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Instances

This article describes the generated code for instances of components, how overrides are applied and the principles we follow.
Any question about the design decisions? Anything not matching your project practices? Please let us know! we may add an option for the flexibility you need.
At Clapy, we are proud to be the first tool generating code from Figma with instances of components and overrides. We consider customizable components to be the bottom line of production-ready code.
For now, component overrides are only available in React.

Overrides

If a frame contains multiple instances of a Button component, with customizations done on some of them (color, text…), we generate a single Button component. Instances refer to this component, passing properties that apply the customizations, we call overrides in this article.
Figma allows 4 different overrides:
  • Styles (fill, stroke, layout…)
  • Text
  • Swap instances
  • Show or hide
All those overrides are passed to the instance as properties.

Styles

The style changes are applied with classes. The system is inspired by MUI: the className property applies to the root node, and sub-nodes are restyled using a classes property. Classes are passed down to the target node.
Example:
interface Props {
className?: string;
classes?: {
root?: string;
btnTxt?: string;
};
}
export const Button: FC<Props> = memo(function Button(props = {}) {
return (
<button className={`${classes.root} ${props.classes?.root || ''} ${props.className || ''}`}>
<div className={props.classes?.btnTxt}>Click</div>
</button>
);
});
Usage:
<Button
className={classes.newRoot}
classes={{
btnTxt: classes.newTextStyle
}} />

CSS selector specificity

To ensure instance styles override the component styles, the instance selectors are doubled. Example:
.label.label {
/* ... */
}
We opted for this solution because we use CSS modules. A downside of it is that, in the selector, we cannot refer to classes defined in a separate file.

className and the root override

The root node can be overridden with both className and classes.root. This is an inspiration from MUI, with the benefits:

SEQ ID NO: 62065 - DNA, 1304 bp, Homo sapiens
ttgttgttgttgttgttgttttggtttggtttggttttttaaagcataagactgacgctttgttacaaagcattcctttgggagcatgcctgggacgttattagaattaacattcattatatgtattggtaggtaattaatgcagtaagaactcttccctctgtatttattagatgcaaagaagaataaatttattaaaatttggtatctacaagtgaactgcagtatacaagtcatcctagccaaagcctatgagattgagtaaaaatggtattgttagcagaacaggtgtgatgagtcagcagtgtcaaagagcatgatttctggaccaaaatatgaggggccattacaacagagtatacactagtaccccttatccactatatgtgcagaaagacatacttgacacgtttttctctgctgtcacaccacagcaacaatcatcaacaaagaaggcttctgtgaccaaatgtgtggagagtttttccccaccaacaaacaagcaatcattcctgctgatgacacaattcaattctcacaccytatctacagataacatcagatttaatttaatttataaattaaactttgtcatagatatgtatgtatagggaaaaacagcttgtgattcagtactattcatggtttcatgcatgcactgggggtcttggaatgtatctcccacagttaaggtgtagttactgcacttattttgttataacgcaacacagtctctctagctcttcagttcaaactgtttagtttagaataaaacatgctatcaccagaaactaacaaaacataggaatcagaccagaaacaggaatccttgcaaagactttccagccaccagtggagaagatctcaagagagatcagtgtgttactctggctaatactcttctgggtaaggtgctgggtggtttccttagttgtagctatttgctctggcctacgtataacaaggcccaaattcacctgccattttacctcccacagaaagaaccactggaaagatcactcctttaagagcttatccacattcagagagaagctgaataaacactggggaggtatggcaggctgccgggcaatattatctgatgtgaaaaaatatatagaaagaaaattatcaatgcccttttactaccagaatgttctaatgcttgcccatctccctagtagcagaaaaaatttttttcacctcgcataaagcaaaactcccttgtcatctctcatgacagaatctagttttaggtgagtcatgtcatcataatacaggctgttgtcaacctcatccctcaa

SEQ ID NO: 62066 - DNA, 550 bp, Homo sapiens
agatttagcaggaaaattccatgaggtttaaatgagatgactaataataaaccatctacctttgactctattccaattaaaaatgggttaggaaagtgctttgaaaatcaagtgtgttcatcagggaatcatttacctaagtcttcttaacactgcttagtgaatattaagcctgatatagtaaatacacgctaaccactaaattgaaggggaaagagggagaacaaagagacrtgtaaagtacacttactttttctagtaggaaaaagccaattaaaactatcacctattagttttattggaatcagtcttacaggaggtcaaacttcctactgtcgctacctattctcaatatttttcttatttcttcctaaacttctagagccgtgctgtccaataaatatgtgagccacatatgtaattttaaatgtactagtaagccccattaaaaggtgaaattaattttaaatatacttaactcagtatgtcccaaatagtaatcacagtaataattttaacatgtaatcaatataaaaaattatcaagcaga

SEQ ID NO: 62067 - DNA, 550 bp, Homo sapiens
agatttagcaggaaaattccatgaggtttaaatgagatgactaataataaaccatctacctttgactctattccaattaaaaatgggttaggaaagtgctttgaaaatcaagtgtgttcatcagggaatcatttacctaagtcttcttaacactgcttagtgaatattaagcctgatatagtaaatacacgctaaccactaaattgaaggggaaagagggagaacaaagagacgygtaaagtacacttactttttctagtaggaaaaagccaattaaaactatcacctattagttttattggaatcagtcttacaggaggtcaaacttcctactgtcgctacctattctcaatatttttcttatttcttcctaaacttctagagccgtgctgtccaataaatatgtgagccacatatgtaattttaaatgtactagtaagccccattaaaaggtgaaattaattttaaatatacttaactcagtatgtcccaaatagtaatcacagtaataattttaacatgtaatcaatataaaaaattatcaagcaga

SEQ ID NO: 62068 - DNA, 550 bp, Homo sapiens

• Developers are used to the className property that would apply their style to the parent node,
  • Not being able to override the root node inside classes would be weird, so we keep it for consistency.

Text

If the text changes in an instance, the whole new text is passed as a property (text). Figma gives a lot of flexibility on what can be changed in the text. We keep this flexibility in the generated code.
Example:
interface Props {
text?: {
btnTxt?: ReactNode;
};
}
export const Button: FC<Props> = memo(function Button(props = {}) {
return (
<button>
{props.text?.btnTxt != null
? props.text?.btnTxt
: <div className={classes.btnTxt}>Click me!</div>}
</button>
);
});
Usage:
<Button text={{
btnTxt: <div className={classes.newTxtStyle}>New text</div>
}} />

Swap instances

This refers to a Figma feature: replace an instance of component A with an instance of component B, putting it where the instance of A was, even if it’s inside another instance.
In React, we use render props to replicate this behavior, i.e. instances of sub-components passed as properties to apply the swap.
This feature is particularly interesting in Figma when you have an instance containing other instances. The latter can be swapped with your own components to to put arbitrary content in the original component.
Example:
interface Props {
swap?: {
btnArrow?: ReactNode;
};
}
export const Button: FC<Props> = memo(function Button(props = {}) {
return (
<button>
{props.swap?.btnArrow || <ArrowComponent />}
<div className={classes.btnTxt}>Click me!</div>
</button>
);
});
Usage:
<Button swap={{
btnArrow: <StarComponent />
}} />

Show or hide

An instance can reveal a node that is hidden in the original component, or on the contrary, hide a node that is visible. The hide property applies the override.
Example:
interface Props {
hide?: {
btnArrow?: boolean;
};
}
export const Button: FC<Props> = memo(function Button(props = {}) {
return (
<button>
{!props.hide?.btnArrow && <ArrowComponent />}
<div className={classes.btnTxt}>Click me!</div>
</button>
);
});
Usage:
<Button hide={{
btnArrow: true
}} />

Special case: SVG

When a Figma element exported as SVG is customized in an instance, Clapy exports the new SVG with overrides, and pass it to the instance leveraging the swap feature described above (render prop).

Sub-instances

In case you wonder, we support sub-instances (instances containing instances). And as many layers of components as you wish.

The list of properties

In short, you should design on Figma showing examples of usages. E.g. if a list entry is supposed to have a dynamic texts, you should add 2+ entries with different texts.
Clapy will guess the properties from your examples.
Anything incorrect in the list of properties generated by Clapy? Please let us know!
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